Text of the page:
By Yuka Hayashi 

WASHINGTON -- The U.S. trade deficit widened in January as American consumers stepped up purchases of imported products.

The deficit in trade of goods and services expanded by 1.9% to a seasonally adjusted $68.2 billion in January, the Commerce Department said Friday, compared with a $66.97 billion gap in December. Analysts polled by The Wall Street Journal had projected a deficit of $67.6 billion.

Imports increased 1.2% to $260.2 billion from December, while exports grew 1.0% to $191.9 billion.

Americans splurged on consumer goods in January, helped by $600 payments many received as part of the latest round of government stimulus spending to fight the impact of the pandemic. Retail sales jumped a seasonally adjusted 5.3% in January from the previous month, the biggest increase since June.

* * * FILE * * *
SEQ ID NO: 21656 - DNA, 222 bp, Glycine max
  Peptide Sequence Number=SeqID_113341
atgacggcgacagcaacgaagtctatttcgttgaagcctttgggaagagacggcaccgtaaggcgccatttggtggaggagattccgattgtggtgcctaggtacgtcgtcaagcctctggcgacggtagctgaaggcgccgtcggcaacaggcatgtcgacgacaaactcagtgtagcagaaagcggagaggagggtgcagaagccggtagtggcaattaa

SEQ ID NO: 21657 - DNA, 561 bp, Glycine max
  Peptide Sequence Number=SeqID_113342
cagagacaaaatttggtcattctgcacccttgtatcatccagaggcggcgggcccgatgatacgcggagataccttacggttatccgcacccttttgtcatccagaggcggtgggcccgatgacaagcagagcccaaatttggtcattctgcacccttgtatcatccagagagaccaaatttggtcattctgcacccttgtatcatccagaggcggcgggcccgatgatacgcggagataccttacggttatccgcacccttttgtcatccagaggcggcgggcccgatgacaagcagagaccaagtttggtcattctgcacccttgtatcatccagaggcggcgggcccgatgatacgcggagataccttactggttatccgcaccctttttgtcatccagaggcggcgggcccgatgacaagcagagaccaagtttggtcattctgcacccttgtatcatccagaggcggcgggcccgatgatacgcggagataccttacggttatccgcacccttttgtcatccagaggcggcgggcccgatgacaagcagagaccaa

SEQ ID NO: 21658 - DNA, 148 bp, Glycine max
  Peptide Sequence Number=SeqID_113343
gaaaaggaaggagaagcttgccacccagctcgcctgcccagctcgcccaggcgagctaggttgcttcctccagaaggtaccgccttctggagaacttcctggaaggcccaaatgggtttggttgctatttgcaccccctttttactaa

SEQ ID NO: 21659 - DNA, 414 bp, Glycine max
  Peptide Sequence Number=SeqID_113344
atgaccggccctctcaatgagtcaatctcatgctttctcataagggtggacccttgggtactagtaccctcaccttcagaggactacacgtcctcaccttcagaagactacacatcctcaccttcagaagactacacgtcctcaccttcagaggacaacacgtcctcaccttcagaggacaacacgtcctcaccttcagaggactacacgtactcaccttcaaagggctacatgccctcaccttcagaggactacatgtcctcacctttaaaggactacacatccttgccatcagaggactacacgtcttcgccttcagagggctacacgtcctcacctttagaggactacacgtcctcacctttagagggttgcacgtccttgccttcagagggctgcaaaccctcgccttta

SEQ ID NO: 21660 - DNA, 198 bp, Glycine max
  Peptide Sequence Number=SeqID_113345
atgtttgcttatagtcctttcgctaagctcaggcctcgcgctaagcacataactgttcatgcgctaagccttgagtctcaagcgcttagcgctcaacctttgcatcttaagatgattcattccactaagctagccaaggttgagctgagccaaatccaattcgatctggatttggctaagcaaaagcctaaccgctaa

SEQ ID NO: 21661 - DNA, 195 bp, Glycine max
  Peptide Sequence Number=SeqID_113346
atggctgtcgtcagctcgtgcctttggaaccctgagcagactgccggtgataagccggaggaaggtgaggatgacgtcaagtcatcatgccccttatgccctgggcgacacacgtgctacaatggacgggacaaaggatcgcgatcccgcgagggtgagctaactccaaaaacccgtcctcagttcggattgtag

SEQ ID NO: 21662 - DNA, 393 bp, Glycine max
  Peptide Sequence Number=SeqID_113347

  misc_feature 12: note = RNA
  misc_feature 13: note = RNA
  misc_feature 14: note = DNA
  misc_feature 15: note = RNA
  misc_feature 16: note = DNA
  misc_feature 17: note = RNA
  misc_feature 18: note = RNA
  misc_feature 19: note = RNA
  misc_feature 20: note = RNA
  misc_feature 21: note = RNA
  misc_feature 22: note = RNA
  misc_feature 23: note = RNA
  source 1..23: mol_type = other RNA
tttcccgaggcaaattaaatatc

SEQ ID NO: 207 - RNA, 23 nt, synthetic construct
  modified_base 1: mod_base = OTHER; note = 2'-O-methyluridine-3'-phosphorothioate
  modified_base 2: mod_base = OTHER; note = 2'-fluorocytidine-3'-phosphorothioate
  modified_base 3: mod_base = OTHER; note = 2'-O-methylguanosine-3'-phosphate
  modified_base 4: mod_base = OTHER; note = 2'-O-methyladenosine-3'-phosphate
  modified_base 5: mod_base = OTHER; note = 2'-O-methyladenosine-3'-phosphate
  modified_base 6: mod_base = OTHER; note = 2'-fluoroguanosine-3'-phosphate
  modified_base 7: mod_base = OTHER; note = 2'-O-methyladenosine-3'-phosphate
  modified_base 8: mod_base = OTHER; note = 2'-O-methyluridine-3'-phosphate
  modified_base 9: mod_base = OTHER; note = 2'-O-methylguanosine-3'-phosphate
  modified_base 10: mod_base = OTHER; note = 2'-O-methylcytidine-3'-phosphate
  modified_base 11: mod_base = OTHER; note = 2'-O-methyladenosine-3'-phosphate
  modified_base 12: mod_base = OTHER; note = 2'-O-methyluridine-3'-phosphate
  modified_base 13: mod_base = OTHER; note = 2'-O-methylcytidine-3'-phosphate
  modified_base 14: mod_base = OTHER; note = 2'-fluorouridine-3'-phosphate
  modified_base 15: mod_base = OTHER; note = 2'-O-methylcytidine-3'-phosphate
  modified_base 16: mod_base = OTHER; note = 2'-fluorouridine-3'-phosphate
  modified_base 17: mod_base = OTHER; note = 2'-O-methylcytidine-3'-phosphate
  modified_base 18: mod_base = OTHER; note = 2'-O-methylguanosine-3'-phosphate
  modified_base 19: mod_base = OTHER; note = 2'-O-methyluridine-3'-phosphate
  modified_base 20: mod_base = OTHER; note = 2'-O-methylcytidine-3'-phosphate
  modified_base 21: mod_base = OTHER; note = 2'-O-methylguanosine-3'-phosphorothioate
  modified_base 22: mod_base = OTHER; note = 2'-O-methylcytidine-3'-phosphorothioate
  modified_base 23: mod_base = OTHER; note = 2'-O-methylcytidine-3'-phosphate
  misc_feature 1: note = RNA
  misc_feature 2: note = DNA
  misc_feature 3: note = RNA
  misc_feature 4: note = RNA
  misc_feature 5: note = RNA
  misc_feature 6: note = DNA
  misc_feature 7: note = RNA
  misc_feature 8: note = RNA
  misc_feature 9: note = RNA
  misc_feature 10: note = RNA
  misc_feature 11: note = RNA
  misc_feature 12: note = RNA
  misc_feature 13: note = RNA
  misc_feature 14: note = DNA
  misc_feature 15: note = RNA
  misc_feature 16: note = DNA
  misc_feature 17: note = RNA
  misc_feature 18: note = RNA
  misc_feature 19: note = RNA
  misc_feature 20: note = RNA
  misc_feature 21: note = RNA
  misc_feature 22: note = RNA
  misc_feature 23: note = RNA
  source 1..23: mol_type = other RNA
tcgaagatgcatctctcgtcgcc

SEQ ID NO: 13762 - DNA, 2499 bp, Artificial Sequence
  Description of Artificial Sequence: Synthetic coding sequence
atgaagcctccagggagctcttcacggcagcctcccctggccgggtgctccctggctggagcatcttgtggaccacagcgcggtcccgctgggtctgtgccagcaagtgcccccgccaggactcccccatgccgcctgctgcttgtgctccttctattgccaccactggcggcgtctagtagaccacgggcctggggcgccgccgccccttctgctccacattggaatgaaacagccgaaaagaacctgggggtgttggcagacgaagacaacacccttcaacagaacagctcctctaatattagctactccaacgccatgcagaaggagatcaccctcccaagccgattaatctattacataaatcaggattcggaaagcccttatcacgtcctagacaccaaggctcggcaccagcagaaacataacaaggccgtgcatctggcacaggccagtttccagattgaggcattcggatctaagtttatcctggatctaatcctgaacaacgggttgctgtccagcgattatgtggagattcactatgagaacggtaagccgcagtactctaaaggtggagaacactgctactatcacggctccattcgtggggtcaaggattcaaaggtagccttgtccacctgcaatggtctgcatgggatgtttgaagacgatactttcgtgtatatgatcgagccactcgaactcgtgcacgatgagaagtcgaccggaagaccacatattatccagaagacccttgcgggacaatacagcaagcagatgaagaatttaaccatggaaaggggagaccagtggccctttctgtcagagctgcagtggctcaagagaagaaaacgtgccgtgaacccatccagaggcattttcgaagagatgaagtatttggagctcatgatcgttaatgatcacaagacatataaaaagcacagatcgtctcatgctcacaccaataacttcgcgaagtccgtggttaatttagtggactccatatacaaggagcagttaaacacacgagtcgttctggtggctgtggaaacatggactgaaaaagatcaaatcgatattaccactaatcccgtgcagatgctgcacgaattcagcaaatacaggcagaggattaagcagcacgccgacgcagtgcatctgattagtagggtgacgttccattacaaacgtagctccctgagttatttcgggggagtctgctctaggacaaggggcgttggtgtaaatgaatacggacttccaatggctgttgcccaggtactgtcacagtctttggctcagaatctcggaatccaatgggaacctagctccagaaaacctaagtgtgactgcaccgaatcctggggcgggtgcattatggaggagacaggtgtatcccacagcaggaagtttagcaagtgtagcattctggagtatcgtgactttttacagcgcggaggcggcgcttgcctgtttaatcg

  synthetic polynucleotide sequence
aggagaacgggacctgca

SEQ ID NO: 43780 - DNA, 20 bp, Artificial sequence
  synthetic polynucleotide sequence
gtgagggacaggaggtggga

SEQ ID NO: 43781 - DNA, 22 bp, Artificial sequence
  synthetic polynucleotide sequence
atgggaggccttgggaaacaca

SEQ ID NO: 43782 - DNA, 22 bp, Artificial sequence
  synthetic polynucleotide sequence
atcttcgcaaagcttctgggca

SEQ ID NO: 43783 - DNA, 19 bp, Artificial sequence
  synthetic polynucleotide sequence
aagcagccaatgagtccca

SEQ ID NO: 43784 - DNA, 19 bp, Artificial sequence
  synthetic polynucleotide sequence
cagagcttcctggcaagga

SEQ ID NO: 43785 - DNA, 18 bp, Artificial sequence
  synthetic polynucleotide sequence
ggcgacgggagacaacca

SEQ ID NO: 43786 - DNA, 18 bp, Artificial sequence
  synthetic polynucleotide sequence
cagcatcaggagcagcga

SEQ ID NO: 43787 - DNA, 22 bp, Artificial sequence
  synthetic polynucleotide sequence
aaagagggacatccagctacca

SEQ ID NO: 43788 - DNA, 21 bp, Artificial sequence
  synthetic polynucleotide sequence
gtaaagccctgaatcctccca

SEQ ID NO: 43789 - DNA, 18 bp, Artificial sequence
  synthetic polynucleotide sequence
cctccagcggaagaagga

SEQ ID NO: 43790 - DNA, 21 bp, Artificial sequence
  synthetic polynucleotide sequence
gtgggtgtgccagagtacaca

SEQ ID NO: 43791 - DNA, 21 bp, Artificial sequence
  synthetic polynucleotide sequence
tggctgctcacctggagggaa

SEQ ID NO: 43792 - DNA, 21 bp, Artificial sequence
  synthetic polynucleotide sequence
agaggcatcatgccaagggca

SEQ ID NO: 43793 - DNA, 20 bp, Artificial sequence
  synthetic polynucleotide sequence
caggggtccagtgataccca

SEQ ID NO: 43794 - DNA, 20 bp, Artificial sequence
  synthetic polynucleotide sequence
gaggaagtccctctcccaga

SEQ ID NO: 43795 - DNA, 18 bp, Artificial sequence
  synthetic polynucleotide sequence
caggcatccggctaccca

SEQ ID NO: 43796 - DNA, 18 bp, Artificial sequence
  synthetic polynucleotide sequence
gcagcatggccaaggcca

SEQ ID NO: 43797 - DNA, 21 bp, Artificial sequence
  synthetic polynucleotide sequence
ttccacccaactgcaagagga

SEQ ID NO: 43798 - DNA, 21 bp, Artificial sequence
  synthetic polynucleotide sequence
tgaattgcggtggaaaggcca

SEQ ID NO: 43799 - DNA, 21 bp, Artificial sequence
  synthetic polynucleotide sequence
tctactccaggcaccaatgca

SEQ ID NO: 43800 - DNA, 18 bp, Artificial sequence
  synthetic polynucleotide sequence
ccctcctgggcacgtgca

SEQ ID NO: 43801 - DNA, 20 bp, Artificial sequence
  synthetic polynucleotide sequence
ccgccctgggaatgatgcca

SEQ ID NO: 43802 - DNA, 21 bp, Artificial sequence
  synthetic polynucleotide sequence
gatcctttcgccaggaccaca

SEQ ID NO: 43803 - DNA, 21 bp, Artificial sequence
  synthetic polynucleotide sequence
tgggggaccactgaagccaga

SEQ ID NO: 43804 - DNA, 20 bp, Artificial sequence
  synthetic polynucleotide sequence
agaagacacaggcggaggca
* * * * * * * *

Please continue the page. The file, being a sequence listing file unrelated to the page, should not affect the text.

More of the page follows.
With the global economy on a recovery path, exports also expanded modestly, bolstered by higher shipments of industrial supplies and capital goods. Many countries loosened restrictions on economic activity at a quicker pace as Covid-19 cases fell sharply from their peak around the new year.

Write to Yuka Hayashi at yuka.hayashi@wsj.com

 

(END) Dow Jones Newswires

March 05, 2021 09:09 ET (14:09 GMT)

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